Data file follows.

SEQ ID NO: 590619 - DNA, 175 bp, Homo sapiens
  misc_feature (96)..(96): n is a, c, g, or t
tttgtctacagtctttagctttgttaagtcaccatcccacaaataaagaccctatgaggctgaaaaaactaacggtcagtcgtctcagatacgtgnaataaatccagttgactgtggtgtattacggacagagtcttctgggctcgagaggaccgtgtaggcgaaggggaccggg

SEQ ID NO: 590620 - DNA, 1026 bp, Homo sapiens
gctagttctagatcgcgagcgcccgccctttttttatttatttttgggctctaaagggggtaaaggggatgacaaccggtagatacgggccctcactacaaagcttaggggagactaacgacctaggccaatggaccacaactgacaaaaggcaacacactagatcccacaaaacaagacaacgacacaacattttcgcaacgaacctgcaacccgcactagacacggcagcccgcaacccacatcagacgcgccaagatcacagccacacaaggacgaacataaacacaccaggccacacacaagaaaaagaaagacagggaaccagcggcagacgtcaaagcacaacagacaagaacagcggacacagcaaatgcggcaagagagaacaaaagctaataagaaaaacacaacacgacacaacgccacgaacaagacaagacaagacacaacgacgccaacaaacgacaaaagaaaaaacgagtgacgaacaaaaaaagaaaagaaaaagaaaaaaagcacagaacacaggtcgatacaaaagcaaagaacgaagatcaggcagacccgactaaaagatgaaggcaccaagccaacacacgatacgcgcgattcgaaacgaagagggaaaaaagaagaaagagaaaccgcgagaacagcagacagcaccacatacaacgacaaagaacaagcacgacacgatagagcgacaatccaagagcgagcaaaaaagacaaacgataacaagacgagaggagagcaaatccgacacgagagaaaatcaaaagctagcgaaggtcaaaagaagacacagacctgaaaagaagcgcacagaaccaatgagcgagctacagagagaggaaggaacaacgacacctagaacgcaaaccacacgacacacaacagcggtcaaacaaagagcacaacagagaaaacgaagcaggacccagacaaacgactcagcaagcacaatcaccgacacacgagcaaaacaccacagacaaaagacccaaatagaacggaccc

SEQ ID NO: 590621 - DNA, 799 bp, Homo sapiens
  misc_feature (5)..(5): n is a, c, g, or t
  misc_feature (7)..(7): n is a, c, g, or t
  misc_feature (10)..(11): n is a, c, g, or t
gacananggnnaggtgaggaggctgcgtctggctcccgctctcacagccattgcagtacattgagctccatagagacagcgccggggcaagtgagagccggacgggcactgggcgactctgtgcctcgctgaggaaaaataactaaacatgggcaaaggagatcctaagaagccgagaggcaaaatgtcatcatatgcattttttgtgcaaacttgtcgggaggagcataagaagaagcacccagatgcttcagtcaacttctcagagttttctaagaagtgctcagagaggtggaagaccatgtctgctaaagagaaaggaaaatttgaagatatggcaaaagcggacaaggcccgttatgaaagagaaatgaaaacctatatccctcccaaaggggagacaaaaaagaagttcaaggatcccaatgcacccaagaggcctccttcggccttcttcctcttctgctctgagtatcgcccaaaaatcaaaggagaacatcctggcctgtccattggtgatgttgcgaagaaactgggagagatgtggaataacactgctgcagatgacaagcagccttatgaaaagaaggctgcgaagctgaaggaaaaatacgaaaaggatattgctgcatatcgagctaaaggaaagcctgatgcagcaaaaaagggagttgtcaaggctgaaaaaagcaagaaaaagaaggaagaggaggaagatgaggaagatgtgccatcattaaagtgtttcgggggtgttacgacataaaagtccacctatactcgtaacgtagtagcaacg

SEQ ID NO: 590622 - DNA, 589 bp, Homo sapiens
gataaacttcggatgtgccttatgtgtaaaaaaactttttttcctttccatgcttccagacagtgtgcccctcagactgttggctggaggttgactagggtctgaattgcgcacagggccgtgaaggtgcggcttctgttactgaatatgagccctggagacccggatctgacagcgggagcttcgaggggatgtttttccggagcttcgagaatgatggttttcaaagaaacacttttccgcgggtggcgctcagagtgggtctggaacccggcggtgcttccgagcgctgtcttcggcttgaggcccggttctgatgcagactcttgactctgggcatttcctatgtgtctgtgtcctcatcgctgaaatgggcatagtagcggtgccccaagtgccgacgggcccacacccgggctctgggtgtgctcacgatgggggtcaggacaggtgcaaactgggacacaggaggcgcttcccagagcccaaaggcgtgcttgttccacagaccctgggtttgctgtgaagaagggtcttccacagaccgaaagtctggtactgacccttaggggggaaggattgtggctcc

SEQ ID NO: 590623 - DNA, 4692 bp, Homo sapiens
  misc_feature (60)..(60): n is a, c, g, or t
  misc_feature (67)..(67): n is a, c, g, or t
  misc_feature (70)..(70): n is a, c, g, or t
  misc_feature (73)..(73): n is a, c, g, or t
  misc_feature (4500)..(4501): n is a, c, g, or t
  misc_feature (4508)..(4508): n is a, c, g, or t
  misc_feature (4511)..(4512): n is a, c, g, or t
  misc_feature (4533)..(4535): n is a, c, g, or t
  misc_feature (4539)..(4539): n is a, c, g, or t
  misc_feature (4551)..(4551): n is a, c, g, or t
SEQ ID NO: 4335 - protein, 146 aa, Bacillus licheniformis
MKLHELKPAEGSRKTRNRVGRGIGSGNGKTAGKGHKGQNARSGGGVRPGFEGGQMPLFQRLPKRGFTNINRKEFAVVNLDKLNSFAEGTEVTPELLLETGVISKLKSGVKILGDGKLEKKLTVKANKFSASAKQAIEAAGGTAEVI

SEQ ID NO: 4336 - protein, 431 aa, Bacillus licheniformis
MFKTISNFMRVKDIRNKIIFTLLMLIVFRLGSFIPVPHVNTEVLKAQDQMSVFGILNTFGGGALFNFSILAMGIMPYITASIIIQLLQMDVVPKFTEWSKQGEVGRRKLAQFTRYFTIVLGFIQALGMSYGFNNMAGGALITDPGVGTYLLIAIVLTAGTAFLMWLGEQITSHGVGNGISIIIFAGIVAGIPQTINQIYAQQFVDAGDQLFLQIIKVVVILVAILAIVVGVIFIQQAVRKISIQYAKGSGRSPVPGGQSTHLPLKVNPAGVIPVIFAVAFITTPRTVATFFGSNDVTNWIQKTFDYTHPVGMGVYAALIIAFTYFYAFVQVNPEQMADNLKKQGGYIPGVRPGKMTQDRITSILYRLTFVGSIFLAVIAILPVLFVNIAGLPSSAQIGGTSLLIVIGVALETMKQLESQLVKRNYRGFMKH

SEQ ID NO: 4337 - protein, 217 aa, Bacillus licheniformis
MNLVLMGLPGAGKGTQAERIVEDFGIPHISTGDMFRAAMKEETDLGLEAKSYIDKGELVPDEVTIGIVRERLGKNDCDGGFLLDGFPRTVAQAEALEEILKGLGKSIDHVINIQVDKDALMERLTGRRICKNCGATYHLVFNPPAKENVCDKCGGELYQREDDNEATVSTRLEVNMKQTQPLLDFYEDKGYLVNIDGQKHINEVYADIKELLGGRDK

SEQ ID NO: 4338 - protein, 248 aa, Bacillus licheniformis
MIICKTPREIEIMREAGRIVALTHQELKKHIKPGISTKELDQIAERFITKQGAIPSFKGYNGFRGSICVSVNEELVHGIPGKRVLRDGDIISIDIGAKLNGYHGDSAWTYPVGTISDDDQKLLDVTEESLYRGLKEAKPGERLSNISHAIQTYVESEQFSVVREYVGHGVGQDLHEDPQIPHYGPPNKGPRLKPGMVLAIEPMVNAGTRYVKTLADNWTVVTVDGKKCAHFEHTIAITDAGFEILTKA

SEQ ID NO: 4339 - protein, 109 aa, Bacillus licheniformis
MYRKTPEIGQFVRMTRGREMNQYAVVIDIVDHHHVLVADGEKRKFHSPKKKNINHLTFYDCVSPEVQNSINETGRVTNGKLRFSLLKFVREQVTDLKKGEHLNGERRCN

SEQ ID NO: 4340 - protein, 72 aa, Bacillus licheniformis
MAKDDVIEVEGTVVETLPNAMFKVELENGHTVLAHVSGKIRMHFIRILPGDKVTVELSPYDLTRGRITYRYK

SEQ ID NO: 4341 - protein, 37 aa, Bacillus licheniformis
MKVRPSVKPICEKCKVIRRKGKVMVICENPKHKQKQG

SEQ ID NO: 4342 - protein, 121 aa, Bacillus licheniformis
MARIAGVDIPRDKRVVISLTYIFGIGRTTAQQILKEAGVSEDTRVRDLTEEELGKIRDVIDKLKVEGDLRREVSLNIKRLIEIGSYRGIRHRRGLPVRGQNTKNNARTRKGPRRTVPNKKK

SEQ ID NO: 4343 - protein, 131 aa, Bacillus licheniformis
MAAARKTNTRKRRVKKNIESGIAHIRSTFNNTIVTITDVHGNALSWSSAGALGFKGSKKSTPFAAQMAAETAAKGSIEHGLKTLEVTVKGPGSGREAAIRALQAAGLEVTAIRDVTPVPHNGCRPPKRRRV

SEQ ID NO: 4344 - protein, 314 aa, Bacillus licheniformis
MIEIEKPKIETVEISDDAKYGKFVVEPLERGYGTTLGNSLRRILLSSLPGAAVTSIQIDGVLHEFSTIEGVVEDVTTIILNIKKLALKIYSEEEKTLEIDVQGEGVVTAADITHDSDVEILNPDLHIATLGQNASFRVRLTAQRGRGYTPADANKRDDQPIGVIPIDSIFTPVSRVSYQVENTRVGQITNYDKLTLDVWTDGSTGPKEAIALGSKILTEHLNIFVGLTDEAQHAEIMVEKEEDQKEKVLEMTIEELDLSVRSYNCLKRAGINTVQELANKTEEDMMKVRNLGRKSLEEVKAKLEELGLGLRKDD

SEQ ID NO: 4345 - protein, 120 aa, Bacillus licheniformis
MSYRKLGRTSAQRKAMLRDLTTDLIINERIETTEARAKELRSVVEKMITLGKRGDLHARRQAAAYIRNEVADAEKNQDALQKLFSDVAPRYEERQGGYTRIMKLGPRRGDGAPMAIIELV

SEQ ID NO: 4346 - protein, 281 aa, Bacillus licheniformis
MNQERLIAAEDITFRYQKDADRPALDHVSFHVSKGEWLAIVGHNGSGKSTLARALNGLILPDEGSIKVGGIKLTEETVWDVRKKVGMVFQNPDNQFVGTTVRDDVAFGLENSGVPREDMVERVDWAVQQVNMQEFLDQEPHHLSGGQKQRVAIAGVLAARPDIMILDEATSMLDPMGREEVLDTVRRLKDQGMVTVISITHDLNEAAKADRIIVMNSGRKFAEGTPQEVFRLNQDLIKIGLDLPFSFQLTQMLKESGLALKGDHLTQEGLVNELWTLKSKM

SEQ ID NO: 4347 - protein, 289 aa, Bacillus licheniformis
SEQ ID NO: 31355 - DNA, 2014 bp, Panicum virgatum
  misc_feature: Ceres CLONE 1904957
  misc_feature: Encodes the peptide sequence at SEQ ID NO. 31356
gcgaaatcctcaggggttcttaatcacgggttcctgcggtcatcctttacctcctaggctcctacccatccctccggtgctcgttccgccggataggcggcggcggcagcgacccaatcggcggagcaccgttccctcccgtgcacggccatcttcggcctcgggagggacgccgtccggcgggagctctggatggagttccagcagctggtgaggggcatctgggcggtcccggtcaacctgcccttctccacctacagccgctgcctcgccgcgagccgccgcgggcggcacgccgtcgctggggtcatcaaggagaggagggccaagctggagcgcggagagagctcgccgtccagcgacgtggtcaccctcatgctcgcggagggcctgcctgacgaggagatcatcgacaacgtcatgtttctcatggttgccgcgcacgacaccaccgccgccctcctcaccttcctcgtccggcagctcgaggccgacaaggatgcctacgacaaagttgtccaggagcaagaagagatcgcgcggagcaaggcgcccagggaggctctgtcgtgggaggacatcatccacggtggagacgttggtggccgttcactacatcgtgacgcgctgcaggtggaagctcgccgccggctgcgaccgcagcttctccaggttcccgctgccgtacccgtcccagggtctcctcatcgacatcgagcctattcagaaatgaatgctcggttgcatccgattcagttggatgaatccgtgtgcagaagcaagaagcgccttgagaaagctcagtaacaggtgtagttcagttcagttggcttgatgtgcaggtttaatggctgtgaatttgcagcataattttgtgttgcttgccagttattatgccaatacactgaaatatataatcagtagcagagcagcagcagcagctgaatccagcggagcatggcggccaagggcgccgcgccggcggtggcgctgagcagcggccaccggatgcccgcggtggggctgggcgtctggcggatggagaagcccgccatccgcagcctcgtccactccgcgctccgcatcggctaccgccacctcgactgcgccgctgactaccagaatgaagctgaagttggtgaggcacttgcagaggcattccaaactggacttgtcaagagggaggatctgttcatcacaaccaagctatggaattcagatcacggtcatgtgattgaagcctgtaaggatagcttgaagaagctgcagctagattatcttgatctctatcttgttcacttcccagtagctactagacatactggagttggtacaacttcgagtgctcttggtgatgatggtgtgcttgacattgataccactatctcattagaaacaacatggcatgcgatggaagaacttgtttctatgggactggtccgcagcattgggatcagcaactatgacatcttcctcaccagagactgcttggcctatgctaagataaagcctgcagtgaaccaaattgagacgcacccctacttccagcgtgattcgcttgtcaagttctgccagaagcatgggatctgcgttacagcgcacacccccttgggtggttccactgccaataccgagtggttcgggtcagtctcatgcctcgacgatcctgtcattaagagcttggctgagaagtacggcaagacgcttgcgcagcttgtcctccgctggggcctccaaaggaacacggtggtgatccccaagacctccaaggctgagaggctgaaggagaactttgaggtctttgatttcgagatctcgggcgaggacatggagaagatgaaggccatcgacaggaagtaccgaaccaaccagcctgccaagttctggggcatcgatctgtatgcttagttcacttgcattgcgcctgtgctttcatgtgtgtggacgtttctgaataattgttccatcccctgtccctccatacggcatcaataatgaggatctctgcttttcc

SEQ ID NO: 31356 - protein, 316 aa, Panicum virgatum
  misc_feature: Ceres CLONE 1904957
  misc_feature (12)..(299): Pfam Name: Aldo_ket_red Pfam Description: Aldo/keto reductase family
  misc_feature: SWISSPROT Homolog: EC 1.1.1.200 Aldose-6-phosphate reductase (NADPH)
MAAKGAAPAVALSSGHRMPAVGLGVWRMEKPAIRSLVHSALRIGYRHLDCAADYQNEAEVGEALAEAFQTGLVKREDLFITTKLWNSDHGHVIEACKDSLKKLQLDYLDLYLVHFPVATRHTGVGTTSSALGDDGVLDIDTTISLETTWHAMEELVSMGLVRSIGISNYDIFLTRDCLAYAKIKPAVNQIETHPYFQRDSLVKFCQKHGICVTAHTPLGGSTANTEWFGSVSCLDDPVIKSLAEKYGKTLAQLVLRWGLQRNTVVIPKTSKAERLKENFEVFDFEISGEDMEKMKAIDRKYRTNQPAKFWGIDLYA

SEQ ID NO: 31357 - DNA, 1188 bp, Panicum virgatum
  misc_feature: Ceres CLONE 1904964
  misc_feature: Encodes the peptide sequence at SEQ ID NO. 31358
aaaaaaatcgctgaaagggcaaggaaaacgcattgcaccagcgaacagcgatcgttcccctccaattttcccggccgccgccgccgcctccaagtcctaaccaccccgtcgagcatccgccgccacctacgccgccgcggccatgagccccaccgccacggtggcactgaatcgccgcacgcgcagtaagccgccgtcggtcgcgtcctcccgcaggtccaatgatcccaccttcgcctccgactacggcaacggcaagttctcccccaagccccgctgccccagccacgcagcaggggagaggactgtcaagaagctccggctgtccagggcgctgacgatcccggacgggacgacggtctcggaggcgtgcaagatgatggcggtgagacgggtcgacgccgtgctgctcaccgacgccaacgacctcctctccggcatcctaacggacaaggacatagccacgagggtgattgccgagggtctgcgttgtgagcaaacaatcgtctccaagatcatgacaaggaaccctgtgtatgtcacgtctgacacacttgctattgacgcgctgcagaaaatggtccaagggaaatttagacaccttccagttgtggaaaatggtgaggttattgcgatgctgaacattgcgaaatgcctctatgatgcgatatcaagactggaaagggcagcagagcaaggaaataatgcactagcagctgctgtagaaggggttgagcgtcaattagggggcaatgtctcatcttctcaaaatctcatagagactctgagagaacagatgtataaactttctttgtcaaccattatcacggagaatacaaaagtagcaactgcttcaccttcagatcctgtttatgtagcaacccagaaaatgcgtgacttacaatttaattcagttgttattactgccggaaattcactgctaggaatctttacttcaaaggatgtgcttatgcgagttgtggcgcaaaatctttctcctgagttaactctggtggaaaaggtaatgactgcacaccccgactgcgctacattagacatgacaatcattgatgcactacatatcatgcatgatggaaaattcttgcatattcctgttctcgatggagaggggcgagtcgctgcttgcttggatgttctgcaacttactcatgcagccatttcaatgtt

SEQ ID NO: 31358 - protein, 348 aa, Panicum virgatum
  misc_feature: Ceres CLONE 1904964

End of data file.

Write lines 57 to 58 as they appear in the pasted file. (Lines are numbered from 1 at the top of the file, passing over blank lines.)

MAAKGAAPAVALSSGHRMPAVGLGVWRMEKPAIRSLVHSALRIGYRHLDCAADYQNEAEVGEALAEAFQTGLVKREDLFITTKLWNSDHGHVIEACKDSLKKLQLDYLDLYLVHFPVATRHTGVGTTSSALGDDGVLDIDTTISLETTWHAMEELVSMGLVRSIGISNYDIFLTRDCLAYAKIKPAVNQIETHPYFQRDSLVKFCQKHGICVTAHTPLGGSTANTEWFGSVSCLDDPVIKSLAEKYGKTLAQLVLRWGLQRNTVVIPKTSKAERLKENFEVFDFEISGEDMEKMKAIDRKYRTNQPAKFWGIDLYA

SEQ ID NO: 31357 - DNA, 1188 bp, Panicum virgatum